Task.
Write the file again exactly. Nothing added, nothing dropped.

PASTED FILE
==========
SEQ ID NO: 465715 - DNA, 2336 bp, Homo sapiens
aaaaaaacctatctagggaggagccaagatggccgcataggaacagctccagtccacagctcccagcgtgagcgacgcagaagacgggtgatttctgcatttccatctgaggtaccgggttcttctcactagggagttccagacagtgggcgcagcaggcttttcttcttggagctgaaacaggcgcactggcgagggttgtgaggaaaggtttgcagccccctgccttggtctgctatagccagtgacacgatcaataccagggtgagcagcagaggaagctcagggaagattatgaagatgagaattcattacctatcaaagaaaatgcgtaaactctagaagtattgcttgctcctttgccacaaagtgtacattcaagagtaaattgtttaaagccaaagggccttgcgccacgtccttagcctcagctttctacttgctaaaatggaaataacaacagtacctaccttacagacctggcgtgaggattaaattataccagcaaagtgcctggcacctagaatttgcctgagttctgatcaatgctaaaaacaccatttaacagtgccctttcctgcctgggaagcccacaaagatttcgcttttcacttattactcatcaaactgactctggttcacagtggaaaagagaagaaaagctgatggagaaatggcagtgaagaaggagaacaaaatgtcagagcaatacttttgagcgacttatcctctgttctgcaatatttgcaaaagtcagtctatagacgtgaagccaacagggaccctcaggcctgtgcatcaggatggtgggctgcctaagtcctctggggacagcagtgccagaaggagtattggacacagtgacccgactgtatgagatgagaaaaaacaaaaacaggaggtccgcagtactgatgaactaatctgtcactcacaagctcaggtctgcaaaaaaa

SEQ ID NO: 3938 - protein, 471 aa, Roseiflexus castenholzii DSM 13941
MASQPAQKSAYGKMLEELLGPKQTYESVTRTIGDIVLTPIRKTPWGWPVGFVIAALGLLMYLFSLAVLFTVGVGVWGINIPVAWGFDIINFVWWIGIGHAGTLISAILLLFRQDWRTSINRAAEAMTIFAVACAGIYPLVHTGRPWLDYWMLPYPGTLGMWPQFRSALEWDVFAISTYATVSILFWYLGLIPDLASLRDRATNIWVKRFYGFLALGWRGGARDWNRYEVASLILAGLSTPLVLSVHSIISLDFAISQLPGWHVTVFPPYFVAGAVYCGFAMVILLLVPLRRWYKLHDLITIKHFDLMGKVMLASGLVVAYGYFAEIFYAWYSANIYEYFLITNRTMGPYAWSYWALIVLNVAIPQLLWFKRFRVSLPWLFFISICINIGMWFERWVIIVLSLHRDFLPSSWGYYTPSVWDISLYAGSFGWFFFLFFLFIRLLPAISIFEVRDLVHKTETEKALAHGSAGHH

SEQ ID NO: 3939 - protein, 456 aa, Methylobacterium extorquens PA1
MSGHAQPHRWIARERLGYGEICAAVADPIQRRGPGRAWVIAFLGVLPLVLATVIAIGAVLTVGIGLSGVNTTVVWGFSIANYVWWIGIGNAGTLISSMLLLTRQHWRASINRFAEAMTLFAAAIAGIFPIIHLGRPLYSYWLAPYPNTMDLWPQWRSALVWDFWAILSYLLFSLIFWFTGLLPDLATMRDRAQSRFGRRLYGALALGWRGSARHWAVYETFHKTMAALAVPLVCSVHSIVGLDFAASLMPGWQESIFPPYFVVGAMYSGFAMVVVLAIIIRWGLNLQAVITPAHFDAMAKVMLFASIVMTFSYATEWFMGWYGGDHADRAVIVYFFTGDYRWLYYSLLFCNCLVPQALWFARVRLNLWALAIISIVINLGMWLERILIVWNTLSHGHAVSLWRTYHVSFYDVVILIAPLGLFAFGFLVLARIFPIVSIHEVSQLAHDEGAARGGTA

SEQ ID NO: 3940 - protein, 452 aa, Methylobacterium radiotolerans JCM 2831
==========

SEQ ID NO: 465715 - DNA, 2336 bp, Homo sapiens
aaaaaaacctatctagggaggagccaagatggccgcataggaacagctccagtccacagctcccagcgtgagcgacgcagaagacgggtgatttctgcatttccatctgaggtaccgggttcttctcactagggagttccagacagtgggcgcagcaggcttttcttcttggagctgaaacaggcgcactggcgagggttgtgaggaaaggtttgcagccccctgccttggtctgctatagccagtgacacgatcaataccagggtgagcagcagaggaagctcagggaagattatgaagatgagaattcattacctatcaaagaaaatgcgtaaactctagaagtattgcttgctcctttgccacaaagtgtacattcaagagtaaattgtttaaagccaaagggccttgcgccacgtccttagcctcagctttctacttgctaaaatggaaataacaacagtacctaccttacagacctggcgtgaggattaaattataccagcaaagtgcctggcacctagaatttgcctgagttctgatcaatgctaaaaacaccatttaacagtgccctttcctgcctgggaagcccacaaagatttcgcttttcacttattactcatcaaactgactctggttcacagtggaaaagagaagaaaagctgatggagaaatggcagtgaagaaggagaacaaaatgtcagagcaatacttttgagcgacttatcctctgttctgcaatatttgcaaaagtcagtctatagacgtgaagccaacagggaccctcaggcctgtgcatcaggatggtgggctgcctaagtcctctggggacagcagtgccagaaggagtattggacacagtgacccgactgtatgagatgagaaaaaacaaaaacaggaggtccgcagtactgatgaactaatctgtcactcacaagctcaggtctgcaaaaaaa

SEQ ID NO: 3938 - protein, 471 aa, Roseiflexus castenholzii DSM 13941
MASQPAQKSAYGKMLEELLGPKQTYESVTRTIGDIVLTPIRKTPWGWPVGFVIAALGLLMYLFSLAVLFTVGVGVWGINIPVAWGFDIINFVWWIGIGHAGTLISAILLLFRQDWRTSINRAAEAMTIFAVACAGIYPLVHTGRPWLDYWMLPYPGTLGMWPQFRSALEWDVFAISTYATVSILFWYLGLIPDLASLRDRATNIWVKRFYGFLALGWRGGARDWNRYEVASLILAGLSTPLVLSVHSIISLDFAISQLPGWHVTVFPPYFVAGAVYCGFAMVILLLVPLRRWYKLHDLITIKHFDLMGKVMLASGLVVAYGYFAEIFYAWYSANIYEYFLITNRTMGPYAWSYWALIVLNVAIPQLLWFKRFRVSLPWLFFISICINIGMWFERWVIIVLSLHRDFLPSSWGYYTPSVWDISLYAGSFGWFFFLFFLFIRLLPAISIFEVRDLVHKTETEKALAHGSAGHH

SEQ ID NO: 3939 - protein, 456 aa, Methylobacterium extorquens PA1
MSGHAQPHRWIARERLGYGEICAAVADPIQRRGPGRAWVIAFLGVLPLVLATVIAIGAVLTVGIGLSGVNTTVVWGFSIANYVWWIGIGNAGTLISSMLLLTRQHWRASINRFAEAMTLFAAAIAGIFPIIHLGRPLYSYWLAPYPNTMDLWPQWRSALVWDFWAILSYLLFSLIFWFTGLLPDLATMRDRAQSRFGRRLYGALALGWRGSARHWAVYETFHKTMAALAVPLVCSVHSIVGLDFAASLMPGWQESIFPPYFVVGAMYSGFAMVVVLAIIIRWGLNLQAVITPAHFDAMAKVMLFASIVMTFSYATEWFMGWYGGDHADRAVIVYFFTGDYRWLYYSLLFCNCLVPQALWFARVRLNLWALAIISIVINLGMWLERILIVWNTLSHGHAVSLWRTYHVSFYDVVILIAPLGLFAFGFLVLARIFPIVSIHEVSQLAHDEGAARGGTA

SEQ ID NO: 3940 - protein, 452 aa, Methylobacterium radiotolerans JCM 2831